Emma R. Colquitt-Sayers: [00:48:00] We, the gay community, or the person of LGBT community, we can identify with those families, because we know, as a community, what it feels like to be marginalized, to feel marginalized. We know what it feels like to be made to feel less than, that's the big thing. We know what it's like to be, you know what it's like when someone makes you feel less than, and so it's hard to achieve sometimes when you feel like you are always behind the 8 ball. So that's from my perspective, I think, I can't speak for the 250 people who gave, but it was very generous, and it was from the heart. I honestly feel that and my wife Joan and I have talked about this often it's like of the 2000, we figured out one time it was 2000 people over that 11 year period that served. We only need one. I only need one to be successful. And we done what we were supposed to do.
But I do I think, and maybe it's a secret, maybe it’s almost the best kept secret, Mason, but the gay community is a very giving community. It's a very giving, loving community. I think for people who don't see that are trying to put that down they are depriving themselves, and the community itself the great opportunity to serve, and to love each other, and to help each other.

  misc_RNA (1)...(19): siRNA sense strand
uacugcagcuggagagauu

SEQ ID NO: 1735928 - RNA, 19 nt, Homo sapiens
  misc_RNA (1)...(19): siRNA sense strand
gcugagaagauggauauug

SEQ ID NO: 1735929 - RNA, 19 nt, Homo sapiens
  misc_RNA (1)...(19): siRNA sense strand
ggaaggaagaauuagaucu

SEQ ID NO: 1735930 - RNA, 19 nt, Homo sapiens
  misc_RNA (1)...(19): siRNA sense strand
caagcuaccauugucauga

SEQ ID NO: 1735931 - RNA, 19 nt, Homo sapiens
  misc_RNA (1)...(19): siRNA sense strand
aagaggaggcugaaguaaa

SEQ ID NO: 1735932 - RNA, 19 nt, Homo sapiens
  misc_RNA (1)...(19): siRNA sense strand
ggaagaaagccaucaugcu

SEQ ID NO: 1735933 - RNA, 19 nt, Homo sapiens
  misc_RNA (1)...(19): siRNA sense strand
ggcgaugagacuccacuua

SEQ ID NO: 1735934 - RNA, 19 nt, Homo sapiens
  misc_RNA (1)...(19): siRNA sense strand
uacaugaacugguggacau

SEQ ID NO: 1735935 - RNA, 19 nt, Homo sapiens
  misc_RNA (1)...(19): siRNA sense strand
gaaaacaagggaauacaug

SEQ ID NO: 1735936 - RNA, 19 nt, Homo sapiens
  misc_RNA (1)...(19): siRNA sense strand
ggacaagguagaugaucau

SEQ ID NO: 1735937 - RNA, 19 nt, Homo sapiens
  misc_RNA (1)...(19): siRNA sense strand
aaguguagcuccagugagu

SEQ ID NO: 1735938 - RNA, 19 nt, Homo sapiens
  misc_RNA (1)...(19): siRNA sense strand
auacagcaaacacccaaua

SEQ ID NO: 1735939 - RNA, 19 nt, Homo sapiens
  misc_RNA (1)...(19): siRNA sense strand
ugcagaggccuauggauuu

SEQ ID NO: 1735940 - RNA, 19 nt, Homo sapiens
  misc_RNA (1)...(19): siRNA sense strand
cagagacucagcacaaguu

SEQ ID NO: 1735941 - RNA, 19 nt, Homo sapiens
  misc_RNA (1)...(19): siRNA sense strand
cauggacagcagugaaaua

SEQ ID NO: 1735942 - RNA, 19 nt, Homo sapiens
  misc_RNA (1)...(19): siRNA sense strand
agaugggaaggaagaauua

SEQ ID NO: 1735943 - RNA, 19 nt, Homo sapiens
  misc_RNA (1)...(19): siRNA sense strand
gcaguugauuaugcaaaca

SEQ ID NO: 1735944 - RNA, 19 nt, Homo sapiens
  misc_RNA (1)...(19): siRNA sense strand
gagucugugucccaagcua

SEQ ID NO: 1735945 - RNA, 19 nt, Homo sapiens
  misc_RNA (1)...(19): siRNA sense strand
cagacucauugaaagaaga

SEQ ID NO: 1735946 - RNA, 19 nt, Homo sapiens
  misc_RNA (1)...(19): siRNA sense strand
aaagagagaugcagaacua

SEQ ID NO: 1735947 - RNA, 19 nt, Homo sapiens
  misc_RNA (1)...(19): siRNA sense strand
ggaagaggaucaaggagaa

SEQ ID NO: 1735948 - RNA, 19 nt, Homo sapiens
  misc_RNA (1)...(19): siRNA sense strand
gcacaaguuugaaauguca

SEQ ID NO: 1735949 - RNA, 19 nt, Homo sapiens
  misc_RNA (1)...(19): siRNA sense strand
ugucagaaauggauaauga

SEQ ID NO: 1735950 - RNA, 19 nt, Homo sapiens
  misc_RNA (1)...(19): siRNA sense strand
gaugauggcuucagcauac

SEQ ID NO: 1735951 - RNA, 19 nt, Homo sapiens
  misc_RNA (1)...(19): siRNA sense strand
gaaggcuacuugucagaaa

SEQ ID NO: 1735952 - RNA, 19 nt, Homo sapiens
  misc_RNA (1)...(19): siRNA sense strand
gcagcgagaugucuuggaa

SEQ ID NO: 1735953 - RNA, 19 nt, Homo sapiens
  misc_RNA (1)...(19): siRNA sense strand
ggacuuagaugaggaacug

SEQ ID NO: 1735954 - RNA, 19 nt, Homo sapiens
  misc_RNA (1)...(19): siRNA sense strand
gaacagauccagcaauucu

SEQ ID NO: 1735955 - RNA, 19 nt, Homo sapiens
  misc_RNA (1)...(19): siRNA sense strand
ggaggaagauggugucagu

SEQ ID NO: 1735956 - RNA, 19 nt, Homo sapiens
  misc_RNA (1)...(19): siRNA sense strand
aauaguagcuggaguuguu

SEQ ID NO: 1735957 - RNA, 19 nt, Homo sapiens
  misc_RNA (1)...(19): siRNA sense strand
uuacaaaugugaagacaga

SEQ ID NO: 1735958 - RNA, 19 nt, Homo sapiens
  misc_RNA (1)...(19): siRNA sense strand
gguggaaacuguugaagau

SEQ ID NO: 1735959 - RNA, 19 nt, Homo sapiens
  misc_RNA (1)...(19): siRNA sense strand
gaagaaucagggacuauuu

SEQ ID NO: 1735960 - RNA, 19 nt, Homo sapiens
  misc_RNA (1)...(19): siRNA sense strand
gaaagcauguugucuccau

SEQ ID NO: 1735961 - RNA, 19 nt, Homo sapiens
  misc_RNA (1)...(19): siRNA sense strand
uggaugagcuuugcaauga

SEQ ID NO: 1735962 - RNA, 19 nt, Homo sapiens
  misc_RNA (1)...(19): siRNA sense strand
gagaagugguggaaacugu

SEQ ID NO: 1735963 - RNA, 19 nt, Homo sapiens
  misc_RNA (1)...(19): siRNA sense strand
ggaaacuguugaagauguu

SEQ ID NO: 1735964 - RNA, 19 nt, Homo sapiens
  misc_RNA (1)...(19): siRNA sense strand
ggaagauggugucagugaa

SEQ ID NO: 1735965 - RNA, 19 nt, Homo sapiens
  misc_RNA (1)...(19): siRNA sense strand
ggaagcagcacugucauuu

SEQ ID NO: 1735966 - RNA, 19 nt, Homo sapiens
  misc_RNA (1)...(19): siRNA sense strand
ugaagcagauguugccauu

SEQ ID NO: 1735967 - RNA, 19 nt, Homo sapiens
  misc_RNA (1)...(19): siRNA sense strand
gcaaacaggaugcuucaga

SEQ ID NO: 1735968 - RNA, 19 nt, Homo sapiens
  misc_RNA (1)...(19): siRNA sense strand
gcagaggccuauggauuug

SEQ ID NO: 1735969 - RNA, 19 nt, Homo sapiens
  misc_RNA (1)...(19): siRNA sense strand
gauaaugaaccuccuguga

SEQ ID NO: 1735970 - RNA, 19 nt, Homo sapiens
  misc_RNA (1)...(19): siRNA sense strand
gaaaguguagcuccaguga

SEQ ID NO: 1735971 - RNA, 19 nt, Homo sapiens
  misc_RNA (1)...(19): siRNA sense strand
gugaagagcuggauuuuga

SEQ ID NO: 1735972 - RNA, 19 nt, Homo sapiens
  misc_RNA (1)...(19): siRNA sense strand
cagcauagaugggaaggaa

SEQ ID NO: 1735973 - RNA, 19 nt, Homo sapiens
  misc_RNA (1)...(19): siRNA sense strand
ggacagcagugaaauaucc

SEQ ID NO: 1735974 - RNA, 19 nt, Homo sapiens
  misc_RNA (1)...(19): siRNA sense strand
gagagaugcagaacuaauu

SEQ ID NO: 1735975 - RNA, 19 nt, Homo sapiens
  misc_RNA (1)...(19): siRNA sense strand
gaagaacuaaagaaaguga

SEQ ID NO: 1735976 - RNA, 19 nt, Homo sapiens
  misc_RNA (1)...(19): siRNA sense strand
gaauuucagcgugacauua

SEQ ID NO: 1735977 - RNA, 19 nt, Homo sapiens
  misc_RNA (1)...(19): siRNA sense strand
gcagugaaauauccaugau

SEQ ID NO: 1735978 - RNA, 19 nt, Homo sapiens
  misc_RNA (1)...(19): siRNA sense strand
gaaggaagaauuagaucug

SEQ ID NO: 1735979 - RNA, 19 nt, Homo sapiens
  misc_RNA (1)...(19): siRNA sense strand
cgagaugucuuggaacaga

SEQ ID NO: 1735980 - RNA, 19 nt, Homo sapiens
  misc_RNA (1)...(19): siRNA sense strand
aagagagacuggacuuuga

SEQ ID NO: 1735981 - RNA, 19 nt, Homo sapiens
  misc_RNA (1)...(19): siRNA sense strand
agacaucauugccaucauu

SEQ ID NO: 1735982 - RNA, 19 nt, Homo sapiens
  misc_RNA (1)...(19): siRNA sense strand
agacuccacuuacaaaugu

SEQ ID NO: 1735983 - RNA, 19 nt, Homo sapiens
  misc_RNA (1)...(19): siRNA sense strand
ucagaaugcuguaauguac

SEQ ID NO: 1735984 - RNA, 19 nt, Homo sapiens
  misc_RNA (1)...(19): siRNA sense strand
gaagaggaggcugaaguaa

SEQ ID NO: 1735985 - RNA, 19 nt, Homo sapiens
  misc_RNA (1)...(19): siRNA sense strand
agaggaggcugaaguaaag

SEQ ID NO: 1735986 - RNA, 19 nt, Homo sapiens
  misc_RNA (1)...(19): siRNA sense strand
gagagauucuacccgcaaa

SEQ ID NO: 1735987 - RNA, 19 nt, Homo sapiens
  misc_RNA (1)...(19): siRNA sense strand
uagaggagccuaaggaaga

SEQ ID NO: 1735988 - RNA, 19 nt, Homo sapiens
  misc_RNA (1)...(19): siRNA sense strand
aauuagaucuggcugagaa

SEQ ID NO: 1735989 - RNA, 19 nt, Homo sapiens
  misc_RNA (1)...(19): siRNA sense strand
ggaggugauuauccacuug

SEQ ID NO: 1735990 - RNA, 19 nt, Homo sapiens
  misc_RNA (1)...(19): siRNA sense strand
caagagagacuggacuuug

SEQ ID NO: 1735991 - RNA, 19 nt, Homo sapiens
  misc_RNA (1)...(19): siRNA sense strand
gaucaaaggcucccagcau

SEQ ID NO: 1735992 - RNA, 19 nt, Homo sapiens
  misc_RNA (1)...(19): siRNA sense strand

Mason Funk: Are you feeling a little better?
Emma R. Colquitt-Sayers: Yeah I think so.
Mason Funk: Good because you are doing great.
Emma R. Colquitt-Sayers: You think so?
Mason Funk: Yeah. You are doing fantastic. I'm hoping that means you are kind of in the flow, and you maybe [inaudible 00:49:21]. A little bit. I'm hoping, I'm hoping
Emma R. Colquitt-Sayers: So does he have harder questions coming?
Amy Bench: No, no no no.
Emma R. Colquitt-Sayers: [00:49:30] Let me set you up now are you ready now?
Mason Funk: Here's the softball [crosstalk 00:49:32].
Emma R. Colquitt-Sayers: Or the fast ball.
Mason Funk: [00:50:00] That's hilarious. No I promise you it's gets better. That's hilarious I love how you ask her. Two other projects you were involved with organizations, or projects, one was Oak Line Counseling Services which became Oak Line Community Services. Can you tell us about what, introduce us to that organization, and what its importance was, and how you were able to help?
Emma R. Colquitt-Sayers: Oak Line-